Now that we've done over some basic techniques principles and compositional rules of real estate photography, let's talk about specific types of shots you'll take it nearly every shoot you do and others you'll come across often. The MLS requires the cover photo of every listing be an exterior shot
, so you want to make sure that you get at least one really stellar front exterior.
The shot sets the tone for the rest of the shoot. Here are some things to consider. If possible backup, sometimes across the street, and zoom in to frame the house closely. The more of the composition the house occupies the larger it will appear. If you keep the lense wide open and the house only occupies a small portion of the composition, you'll be actively dwarfing the house and using your camera against yourself.
Don't cut off the edges of the structure unless you're shooting a vignette detail of the front door or another distinctive architectural feature of the front porch. Don't worry as much about the vertical lines of the structure as you would for interior. It's more important to shoot up to capture the sky and treeline rather than large portions the pavement, sidewalk and driveway. While shooting a two-point perspective shot, it's prudent to shoot from opposite the garage so you have grass and greenery in the lower foreground rather than pavement.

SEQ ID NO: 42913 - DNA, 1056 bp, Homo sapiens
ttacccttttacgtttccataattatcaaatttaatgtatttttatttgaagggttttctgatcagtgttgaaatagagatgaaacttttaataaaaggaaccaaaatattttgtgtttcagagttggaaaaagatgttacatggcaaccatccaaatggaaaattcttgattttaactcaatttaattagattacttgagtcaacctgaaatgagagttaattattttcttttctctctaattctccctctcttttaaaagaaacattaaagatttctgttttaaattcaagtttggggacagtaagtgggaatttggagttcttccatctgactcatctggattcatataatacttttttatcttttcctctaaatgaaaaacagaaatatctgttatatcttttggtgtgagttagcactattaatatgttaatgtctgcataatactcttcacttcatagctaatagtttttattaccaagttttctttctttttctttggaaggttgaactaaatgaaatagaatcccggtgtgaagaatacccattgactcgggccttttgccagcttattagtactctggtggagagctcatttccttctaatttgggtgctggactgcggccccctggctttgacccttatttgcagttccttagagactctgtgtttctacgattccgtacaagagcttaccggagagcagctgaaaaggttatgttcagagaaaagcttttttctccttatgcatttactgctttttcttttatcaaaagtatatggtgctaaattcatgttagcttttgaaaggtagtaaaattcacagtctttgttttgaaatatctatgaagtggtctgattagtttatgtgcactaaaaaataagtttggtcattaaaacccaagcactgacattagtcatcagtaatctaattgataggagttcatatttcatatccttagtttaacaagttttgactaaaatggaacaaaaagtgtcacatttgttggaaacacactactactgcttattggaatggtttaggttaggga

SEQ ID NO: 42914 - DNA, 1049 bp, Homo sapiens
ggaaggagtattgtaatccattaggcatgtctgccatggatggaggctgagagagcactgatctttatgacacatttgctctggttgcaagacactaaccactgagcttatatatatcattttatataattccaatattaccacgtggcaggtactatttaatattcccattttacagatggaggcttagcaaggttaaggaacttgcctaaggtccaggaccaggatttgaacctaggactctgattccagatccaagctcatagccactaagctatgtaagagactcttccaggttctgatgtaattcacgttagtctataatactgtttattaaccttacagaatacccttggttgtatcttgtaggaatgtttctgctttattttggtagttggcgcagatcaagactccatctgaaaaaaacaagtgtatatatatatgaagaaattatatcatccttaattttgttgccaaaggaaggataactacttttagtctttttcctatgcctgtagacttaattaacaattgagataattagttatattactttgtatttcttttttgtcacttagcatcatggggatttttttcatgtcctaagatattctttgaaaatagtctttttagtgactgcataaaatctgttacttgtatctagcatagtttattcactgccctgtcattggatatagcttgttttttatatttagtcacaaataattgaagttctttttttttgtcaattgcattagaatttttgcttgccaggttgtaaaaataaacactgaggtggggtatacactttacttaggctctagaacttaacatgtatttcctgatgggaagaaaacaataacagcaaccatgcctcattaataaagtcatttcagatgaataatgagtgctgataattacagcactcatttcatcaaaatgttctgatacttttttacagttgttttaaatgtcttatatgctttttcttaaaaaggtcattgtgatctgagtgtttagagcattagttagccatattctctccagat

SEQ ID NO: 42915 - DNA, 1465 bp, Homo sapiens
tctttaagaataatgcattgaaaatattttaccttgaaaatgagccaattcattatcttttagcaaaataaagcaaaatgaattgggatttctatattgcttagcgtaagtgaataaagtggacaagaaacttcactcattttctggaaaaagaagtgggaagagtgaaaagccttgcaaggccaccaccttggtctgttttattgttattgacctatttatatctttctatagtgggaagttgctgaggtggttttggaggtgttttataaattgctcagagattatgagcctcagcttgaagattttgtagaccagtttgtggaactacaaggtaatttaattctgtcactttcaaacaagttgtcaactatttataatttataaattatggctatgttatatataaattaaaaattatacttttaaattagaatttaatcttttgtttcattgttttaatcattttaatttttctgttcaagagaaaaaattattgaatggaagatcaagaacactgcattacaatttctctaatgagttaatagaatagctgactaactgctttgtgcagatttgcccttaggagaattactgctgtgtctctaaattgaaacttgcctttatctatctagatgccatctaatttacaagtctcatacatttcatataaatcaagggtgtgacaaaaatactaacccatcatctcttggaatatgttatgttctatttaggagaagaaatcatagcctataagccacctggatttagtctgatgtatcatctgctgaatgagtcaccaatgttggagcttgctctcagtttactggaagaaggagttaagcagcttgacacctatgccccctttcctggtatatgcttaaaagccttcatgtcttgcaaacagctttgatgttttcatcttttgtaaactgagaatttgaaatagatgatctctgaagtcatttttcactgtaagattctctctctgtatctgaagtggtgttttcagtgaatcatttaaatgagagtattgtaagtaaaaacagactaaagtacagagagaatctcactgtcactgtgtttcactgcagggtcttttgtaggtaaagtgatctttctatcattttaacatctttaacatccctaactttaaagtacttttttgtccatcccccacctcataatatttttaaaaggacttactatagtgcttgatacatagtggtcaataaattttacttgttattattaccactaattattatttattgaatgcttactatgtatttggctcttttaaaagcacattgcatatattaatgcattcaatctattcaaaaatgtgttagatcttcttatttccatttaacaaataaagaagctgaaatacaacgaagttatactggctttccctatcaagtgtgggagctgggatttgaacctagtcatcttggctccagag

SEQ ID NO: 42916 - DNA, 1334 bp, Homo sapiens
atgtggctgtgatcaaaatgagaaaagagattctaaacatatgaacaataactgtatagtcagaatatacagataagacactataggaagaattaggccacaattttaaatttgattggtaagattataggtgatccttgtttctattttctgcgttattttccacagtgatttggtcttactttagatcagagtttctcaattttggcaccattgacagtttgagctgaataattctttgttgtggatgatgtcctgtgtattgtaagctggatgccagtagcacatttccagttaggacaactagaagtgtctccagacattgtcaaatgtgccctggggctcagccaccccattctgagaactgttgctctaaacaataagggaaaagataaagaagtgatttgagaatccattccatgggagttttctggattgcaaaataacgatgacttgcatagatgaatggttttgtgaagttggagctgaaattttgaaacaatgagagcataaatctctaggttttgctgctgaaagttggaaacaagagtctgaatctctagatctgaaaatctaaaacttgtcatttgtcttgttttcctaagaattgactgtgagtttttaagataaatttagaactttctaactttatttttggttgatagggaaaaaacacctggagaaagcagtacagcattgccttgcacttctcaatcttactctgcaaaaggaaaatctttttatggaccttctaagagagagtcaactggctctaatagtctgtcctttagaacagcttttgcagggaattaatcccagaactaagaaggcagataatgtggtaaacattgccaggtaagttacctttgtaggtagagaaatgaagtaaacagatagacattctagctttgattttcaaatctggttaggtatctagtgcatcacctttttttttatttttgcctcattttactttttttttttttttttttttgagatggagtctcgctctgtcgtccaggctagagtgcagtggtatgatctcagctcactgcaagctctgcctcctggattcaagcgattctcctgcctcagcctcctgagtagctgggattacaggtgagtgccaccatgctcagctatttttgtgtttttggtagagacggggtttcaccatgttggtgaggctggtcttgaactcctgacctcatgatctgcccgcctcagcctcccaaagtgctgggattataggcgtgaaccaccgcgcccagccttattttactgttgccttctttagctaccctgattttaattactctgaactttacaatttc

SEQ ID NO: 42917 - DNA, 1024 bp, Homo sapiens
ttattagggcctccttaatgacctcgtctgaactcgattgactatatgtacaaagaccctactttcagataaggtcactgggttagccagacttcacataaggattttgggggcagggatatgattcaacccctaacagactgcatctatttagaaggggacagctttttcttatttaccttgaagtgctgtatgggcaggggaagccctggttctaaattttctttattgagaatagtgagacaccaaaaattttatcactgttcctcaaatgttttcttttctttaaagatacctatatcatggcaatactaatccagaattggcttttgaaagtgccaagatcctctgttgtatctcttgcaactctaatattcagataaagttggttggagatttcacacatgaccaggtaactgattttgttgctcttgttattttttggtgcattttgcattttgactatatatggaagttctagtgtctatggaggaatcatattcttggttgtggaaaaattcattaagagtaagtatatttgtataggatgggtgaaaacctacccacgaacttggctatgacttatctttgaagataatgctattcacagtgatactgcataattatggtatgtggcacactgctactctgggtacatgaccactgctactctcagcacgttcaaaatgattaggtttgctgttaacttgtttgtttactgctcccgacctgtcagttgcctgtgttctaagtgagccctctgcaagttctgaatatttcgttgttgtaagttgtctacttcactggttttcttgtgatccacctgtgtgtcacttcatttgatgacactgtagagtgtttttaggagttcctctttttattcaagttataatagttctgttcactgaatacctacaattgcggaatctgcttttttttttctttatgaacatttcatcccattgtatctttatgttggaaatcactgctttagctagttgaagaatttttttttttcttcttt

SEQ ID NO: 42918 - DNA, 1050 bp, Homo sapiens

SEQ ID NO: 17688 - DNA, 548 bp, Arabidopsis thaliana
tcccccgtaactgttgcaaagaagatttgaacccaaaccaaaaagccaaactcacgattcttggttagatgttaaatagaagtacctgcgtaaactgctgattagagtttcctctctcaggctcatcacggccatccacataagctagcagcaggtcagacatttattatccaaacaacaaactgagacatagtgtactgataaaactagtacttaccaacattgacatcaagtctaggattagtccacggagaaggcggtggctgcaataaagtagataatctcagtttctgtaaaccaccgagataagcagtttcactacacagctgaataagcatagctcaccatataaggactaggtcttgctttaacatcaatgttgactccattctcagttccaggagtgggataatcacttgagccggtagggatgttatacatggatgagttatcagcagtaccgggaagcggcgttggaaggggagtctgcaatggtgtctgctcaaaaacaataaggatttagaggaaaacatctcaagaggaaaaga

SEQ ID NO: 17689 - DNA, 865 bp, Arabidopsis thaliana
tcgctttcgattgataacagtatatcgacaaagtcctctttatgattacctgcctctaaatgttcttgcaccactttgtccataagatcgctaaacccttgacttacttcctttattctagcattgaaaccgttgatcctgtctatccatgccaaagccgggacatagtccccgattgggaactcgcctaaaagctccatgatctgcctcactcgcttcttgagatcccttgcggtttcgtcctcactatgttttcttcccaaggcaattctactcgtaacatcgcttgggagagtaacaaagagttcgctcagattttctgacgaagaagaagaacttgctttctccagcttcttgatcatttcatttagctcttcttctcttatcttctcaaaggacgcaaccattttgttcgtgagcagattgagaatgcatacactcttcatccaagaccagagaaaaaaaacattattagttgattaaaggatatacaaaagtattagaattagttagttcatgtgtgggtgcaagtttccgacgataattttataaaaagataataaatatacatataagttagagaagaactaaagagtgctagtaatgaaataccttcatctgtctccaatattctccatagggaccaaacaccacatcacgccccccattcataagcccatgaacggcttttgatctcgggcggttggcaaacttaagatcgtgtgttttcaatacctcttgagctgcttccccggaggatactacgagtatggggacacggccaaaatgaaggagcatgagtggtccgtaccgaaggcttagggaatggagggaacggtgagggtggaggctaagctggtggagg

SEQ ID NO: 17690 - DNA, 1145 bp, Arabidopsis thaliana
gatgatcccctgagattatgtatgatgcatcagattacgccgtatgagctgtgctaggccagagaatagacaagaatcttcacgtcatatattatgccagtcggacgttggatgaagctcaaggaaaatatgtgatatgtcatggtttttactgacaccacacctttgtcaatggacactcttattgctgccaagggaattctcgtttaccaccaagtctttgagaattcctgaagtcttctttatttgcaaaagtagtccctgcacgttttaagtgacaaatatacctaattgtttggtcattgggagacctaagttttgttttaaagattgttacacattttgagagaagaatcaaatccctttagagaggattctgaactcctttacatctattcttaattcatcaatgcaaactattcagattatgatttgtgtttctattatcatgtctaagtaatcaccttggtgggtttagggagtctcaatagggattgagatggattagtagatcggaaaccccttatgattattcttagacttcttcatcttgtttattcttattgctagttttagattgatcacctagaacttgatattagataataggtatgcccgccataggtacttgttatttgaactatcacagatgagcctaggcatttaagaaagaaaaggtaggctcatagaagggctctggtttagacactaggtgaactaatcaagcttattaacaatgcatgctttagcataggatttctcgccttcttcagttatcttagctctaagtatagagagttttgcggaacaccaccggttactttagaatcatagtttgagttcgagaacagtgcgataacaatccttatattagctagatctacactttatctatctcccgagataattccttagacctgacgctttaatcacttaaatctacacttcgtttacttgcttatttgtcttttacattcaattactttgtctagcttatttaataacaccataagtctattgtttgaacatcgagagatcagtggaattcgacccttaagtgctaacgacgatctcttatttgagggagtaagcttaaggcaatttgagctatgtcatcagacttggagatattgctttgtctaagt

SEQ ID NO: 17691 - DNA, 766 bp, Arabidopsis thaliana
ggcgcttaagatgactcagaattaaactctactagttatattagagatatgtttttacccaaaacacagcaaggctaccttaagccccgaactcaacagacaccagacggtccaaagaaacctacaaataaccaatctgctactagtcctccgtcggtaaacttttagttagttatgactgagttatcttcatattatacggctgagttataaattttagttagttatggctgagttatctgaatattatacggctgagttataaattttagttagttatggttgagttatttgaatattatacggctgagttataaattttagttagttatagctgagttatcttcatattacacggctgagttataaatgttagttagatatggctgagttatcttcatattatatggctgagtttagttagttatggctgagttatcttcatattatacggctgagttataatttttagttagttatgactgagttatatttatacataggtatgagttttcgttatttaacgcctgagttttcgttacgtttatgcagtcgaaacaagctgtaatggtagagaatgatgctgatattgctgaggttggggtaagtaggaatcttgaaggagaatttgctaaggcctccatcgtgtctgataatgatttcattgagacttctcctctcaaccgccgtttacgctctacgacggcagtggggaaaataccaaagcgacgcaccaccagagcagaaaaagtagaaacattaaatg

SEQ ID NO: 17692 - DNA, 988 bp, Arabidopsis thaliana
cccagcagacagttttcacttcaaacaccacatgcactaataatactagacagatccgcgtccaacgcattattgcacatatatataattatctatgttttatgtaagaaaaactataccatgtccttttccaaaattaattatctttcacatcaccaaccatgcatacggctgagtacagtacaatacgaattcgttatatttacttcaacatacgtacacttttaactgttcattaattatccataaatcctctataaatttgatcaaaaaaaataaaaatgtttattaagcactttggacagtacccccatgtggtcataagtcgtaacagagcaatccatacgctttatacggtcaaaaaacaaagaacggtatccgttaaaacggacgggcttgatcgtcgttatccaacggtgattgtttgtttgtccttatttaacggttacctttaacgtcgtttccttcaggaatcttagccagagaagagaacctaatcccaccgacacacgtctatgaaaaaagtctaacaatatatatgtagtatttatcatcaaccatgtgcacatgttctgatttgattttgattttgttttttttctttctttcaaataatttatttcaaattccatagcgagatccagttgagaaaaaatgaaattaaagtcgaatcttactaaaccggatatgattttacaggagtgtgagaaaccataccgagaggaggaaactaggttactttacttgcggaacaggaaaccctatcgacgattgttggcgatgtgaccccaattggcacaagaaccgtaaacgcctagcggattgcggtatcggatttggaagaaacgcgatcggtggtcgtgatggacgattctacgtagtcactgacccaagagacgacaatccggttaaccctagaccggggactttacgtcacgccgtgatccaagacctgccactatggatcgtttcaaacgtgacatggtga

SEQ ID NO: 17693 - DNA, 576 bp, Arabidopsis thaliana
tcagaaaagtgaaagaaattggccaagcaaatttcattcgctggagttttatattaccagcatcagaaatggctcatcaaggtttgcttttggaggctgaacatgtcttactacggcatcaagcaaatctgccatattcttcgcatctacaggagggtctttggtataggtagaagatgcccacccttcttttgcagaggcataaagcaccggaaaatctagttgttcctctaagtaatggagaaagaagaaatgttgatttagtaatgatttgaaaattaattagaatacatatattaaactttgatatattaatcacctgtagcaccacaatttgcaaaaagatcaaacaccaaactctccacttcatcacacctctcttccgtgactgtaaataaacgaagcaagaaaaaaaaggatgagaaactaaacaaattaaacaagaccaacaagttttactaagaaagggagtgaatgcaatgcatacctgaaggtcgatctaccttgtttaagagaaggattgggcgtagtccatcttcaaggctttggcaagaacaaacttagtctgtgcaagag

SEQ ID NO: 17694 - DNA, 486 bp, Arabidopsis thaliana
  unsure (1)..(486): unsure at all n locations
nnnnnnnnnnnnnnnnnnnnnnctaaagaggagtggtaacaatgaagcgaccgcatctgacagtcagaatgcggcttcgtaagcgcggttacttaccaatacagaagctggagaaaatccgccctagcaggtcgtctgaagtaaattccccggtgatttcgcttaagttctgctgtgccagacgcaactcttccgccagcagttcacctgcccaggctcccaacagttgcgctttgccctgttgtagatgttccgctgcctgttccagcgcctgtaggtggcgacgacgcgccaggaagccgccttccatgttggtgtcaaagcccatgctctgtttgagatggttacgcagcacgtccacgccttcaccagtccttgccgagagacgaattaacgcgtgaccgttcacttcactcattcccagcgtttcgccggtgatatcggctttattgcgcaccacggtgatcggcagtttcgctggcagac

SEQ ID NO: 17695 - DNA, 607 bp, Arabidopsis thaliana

The garage is typically the least aesthetically pleasing section of the front exterior so it's best not to highlight it or give it foreground prominence. Lastly, take into consideration sunlight. To ensure that your real estate image retouching company can produce a great image
, don't shoot directly into the Sun and if it's unavoidable put your hand over the lens to block the glare and prevent lens flare.